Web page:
Housecleaning Day! Even without the best alarm ever, your eyes pop open like Frisbees.
You’ve been blissfully dreaming of it all night!
You throw on your old prom dress and grab the feather duster.
Glancing out the window, you smile…
Is that huge rainbow outside real?
Or… you just THAT happy?
As you sing ‘Let it Go!” you ballerina to the dishes avalanching from the kitchen sink. What an AMAZING FUN SATURDAY this will be!
That’s not you?
But you’re out of dishes. You can play tic-tac-toe on the furniture, the bathrooms smell of warfare, and oddly, the cat doesn’t meow to come inside now.
The situation is critical…
Use suggestions from the pros!
We’re the ex-owners of a company that cleaned large businesses such as Lockheed and Learjet. So we got this! Apply the following tips and you’ll finish so fast, there’ll be time to binge watch net-flicks later. Saturday afternoon Popcorn! Yay!
First off, get some motivation and put on some music!
a. Imagine how great the house will look when its clean.
b. Remember hygienic home makes us feel good. Cleanliness is next to Godliness. Psychologically, clutter wears on us mentally and emotionally.
c. We don’t want to appear in an episode of the ‘Hoarders’ show so it’s time to get busy.
JEDI CLEANING TIPS:
1. Rock it out.
That’s right. Slap on those earphones and listen to some motivational music. Dance while you work. You’ve seen it the movies plenty of times. Janitors dance. With vacuums, brooms, mops and whatever else is handy. OR, if you feel intellectual, put on audio book. It’s not like we’re talking brain surgery here. You can work on auto pilot.
2. Pretend you’re a professional.
Don’t clean a little, play on social media then pause to watch TV. No, no, no. You’re in and out. Lean-mean cleaning-machine. Cleaners have a set amount of time to complete each job. Three to five minutes per fixture. If you have three fixtures in your bathroom (toilet, shower, sink) it should take you 10-15 minutes for a sparkling and thorough result that would a wink out of hot Mr. Clean.
3. Keep your tools in a toolbox.
THIS IS IMPORTANT. Use a bucket, tote or caddy, and carry your equipment with you. It saves time, trips and frustration. If it helps, pretend you’re an emergency first responder guy. Its not that far-fetched. Bathrooms can be deadly gross.
4. Choose your tools wisely.
Feather duster, dusting mitt, sock…it’s your choice.
Here’s my personal first aid equipment list
- A One bottle of vinegar and water (mix it yourself or buy glass cleaner).
B One bottle of lemon juice and hydrogen peroxide (mix yourself or buy disinfectant).
D Furniture oil (can be homemade as well)
E Toothbrush (for around faucets, drains, cracks and corners)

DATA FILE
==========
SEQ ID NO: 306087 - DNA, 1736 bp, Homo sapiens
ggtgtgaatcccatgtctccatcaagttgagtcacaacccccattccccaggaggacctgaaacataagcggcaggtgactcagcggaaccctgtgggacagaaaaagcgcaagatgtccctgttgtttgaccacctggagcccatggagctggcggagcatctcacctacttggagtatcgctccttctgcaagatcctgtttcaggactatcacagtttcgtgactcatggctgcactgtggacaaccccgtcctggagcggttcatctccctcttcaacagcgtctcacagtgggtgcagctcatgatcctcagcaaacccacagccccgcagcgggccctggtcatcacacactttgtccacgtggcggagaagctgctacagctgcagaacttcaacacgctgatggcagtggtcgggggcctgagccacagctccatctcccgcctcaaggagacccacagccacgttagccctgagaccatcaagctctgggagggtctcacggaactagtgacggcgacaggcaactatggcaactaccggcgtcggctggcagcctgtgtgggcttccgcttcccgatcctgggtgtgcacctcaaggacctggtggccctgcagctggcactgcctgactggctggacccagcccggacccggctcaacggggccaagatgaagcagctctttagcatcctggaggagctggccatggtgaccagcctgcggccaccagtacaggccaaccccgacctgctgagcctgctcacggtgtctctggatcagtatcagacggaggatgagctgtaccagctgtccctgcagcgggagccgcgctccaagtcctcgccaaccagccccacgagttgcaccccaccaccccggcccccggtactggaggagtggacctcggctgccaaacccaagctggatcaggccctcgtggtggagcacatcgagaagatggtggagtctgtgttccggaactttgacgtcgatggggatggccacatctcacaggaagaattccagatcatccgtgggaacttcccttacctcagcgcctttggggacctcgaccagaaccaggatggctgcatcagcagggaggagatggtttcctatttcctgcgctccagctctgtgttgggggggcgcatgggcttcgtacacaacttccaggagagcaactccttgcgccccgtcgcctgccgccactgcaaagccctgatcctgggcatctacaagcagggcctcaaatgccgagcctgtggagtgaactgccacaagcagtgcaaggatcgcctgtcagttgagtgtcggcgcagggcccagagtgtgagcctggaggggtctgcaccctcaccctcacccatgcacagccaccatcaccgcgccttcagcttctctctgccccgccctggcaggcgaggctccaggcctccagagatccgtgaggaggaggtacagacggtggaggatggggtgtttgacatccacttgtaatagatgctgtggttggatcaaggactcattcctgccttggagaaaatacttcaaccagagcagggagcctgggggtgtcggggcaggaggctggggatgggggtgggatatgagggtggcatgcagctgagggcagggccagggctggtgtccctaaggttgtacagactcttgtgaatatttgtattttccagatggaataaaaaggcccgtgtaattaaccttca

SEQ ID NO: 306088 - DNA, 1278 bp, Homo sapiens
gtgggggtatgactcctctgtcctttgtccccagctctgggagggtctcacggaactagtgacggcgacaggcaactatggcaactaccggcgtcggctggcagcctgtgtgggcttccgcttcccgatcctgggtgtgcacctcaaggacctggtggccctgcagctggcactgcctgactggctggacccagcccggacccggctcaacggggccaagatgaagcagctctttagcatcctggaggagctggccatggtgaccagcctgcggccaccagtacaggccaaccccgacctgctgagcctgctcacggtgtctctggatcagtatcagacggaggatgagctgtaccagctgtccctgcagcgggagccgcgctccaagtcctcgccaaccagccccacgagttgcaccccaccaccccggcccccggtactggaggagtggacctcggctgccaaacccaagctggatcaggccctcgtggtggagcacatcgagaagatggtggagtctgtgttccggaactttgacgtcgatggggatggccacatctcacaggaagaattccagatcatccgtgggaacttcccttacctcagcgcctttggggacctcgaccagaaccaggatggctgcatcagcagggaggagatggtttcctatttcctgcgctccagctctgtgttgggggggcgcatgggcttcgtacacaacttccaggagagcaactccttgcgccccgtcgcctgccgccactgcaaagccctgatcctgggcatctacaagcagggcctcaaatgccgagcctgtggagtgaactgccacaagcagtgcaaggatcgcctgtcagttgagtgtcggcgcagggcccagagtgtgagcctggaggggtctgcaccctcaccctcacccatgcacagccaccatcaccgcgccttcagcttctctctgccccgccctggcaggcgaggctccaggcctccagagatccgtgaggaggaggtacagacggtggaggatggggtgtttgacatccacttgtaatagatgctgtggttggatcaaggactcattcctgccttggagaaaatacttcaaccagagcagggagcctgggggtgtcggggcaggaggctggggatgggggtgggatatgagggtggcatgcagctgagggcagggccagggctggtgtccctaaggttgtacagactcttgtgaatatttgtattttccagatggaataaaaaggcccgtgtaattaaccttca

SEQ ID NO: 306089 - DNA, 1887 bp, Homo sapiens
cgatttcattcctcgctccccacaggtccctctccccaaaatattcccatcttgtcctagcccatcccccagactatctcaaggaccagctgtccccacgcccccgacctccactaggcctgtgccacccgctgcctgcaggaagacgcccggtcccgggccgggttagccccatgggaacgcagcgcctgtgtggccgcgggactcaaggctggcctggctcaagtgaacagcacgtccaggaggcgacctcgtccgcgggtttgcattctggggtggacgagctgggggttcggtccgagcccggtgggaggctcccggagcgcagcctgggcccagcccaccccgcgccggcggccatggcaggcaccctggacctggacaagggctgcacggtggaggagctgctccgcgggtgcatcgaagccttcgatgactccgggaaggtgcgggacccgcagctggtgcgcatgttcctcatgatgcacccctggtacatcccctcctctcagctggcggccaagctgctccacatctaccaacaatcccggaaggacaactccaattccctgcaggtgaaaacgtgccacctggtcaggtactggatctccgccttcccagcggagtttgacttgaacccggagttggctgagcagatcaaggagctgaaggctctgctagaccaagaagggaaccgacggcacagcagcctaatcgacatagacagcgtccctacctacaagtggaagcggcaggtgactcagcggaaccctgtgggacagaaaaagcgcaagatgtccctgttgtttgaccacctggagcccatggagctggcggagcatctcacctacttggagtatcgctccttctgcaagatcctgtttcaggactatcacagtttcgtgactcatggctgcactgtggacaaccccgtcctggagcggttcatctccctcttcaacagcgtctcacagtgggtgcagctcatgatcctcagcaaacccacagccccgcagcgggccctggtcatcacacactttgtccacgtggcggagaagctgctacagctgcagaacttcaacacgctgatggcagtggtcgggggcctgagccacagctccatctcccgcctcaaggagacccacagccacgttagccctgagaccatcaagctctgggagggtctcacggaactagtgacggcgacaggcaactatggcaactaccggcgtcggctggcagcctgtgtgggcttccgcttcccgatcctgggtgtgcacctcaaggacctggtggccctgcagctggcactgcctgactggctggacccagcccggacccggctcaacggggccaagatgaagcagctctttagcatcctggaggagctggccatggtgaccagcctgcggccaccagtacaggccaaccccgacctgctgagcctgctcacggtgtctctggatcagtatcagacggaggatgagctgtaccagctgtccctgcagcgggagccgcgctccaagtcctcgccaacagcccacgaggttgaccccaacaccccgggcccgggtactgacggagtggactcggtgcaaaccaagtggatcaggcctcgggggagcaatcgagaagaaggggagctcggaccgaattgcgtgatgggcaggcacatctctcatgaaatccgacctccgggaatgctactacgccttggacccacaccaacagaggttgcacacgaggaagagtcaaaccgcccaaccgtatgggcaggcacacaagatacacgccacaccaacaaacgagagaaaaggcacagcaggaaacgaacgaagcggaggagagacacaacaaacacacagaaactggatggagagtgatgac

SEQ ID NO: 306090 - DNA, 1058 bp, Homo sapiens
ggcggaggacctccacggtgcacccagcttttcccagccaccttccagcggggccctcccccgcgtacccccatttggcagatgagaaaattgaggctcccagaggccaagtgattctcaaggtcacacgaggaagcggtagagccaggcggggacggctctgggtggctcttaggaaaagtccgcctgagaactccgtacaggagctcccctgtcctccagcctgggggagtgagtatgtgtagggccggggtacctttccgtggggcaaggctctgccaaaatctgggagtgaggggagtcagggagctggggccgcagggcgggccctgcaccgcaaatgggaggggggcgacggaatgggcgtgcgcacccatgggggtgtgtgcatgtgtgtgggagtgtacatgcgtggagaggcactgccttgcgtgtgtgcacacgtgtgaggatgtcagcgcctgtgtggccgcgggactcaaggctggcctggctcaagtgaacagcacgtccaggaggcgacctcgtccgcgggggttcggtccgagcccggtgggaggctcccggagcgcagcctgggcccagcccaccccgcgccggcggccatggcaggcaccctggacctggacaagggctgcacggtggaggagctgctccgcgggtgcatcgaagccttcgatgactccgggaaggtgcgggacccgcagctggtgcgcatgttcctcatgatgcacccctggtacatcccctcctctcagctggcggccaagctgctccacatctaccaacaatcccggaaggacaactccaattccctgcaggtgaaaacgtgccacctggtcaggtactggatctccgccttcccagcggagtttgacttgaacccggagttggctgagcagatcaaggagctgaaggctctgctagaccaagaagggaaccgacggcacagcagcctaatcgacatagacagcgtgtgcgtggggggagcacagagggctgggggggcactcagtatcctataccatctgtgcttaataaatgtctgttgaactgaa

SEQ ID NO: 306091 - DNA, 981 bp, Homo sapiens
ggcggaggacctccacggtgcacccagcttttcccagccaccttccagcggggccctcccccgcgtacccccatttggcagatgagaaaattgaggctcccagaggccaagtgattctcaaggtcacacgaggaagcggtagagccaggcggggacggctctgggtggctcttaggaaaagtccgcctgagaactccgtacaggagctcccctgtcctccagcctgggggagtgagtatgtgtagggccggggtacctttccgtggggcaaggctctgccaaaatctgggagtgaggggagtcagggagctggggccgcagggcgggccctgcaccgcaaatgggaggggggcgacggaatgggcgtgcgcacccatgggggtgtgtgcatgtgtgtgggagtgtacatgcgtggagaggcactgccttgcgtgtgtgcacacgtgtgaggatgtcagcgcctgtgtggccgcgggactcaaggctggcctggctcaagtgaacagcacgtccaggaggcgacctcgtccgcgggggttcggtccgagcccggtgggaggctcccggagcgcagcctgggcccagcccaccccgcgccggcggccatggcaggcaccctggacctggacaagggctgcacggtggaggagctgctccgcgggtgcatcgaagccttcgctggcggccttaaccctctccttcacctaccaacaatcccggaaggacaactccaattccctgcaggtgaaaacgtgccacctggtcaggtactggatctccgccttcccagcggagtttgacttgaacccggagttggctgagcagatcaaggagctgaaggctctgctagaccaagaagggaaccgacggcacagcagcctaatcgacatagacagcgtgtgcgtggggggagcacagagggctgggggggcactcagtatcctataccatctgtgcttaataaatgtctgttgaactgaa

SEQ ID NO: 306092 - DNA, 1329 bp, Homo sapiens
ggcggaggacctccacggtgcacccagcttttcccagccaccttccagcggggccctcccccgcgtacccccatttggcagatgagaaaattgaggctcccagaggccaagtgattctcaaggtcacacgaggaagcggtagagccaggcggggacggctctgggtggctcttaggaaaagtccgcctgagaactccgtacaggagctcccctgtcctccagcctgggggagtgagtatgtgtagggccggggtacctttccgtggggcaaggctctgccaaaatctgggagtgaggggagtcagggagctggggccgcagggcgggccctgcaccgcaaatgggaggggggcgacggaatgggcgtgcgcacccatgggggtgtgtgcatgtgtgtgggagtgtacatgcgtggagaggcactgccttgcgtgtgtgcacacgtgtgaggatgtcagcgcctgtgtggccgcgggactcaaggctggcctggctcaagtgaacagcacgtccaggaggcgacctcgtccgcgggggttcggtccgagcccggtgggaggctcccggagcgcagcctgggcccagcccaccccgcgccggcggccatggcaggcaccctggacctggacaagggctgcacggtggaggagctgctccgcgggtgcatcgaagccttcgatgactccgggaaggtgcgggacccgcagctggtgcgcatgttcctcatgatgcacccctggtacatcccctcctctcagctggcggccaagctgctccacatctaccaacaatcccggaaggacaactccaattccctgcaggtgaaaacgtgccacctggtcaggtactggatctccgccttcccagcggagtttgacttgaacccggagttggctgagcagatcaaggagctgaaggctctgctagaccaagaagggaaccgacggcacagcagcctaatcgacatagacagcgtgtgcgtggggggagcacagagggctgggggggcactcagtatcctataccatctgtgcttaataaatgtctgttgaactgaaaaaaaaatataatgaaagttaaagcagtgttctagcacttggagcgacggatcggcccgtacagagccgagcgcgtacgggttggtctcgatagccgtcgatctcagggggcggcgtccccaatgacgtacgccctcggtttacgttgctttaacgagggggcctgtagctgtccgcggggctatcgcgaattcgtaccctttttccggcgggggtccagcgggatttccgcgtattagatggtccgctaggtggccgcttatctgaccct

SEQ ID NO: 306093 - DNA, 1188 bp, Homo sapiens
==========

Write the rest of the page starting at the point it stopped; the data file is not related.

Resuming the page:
F Med. size paint brush (for dusting corners, window sills and small objects)
G Four clean clothes. One each for cleaning, drying, mirrors, and furniture oil.
H Scratch sponge
I Squeegee for showers
J Duster with longer handle
Apply the KISS rule (keep it simple stupid). Quit buying every chemical on the insanely insulting commercials! Invest in some plastic spray bottles, microfiber towels and make your own solutions.
6. Start out right.
Place your equipment in the a room where you want to begin.
You will need:
- A large dust mop, or a vacuum with an extension cord (don’t waste time moving the plug). Vacuums can be used on hardwood floors, not just carpets. Use the attachments for corners, counters, curtains and window sills
- An empty garbage bag to dump trash or to de-clutter as you go
- A laundry basket to collect objects that must transferred from one room to another. If there’s a mountain of dirty clothes, take two baskets. Remember, if you MUST take something to another room, try not to return empty. Look for something that needs to be transferred back to your work area.
- Your neatly packed first responder cleaning kit.
- Mop and bucket filled with water and ready to go.
- Step stool (optional).
- De-clutter first. Put things away and use your laundry basket to collect everything that doesn’t belong on the floor. See item C. above.
- Dust Smart. Don’t spray cleaning solution on the surface of things. Lightly spritz your dust cloth then wipe. It collects dust better. Start at the highest point and work down so that debris is knocked to the floor. Remember moldings, but don’t fret the smaller dust collectors. Save them for a once a month clean. They’re less visible than you think.
9. Bathroom Fun!
Dust parallel surfaces first.
b. Spray surfaces and add toilet cleaner to the bowl. Use Ajax on the sinks if needed.
c. Dump trash and clean the mirrors while the shower, toilet, and counters are soaking in the cleaning solution.
d. Wipe everything with a sponge.
e. Rinse and dry the faucet, sink and counters.
f. Use a squeegee to wash, rinse and dry the shower.
g. Finish the toilet bowl.MOVE! In ten minutes you should have a sparkling, disinfected bathroom.
10. Floors all at once.
Don’t sweep and mop room by room unless you have a good reason for it. We professionals do it all as one step which cuts time.
11. Trust the system.
When we started a new account, and cleaned a location for the first time, we noted how long it took to complete the job. Why? Because we knew after four weeks of repetition (cleaning the same space, in the sequence) we would be able to cut that first in half. Do the same (effective) routine, week after week, and you’ll fly through.
Now you really can sing the song “Let It Go” and mean it.
PS. Debbie Downer Spring Cleaning cut in half.
Add one of the following to your normal routine each week and you’ll breeze through spring cleaning.
- Week One: Dust smaller objects, higher shelves, and wipe switch plates.
Week Two: Oil all the furniture.
Week Three: Do a deeper scrub on tub, showers and toilet.
Week Four: Dust window sills, vents, and ceiling fans.
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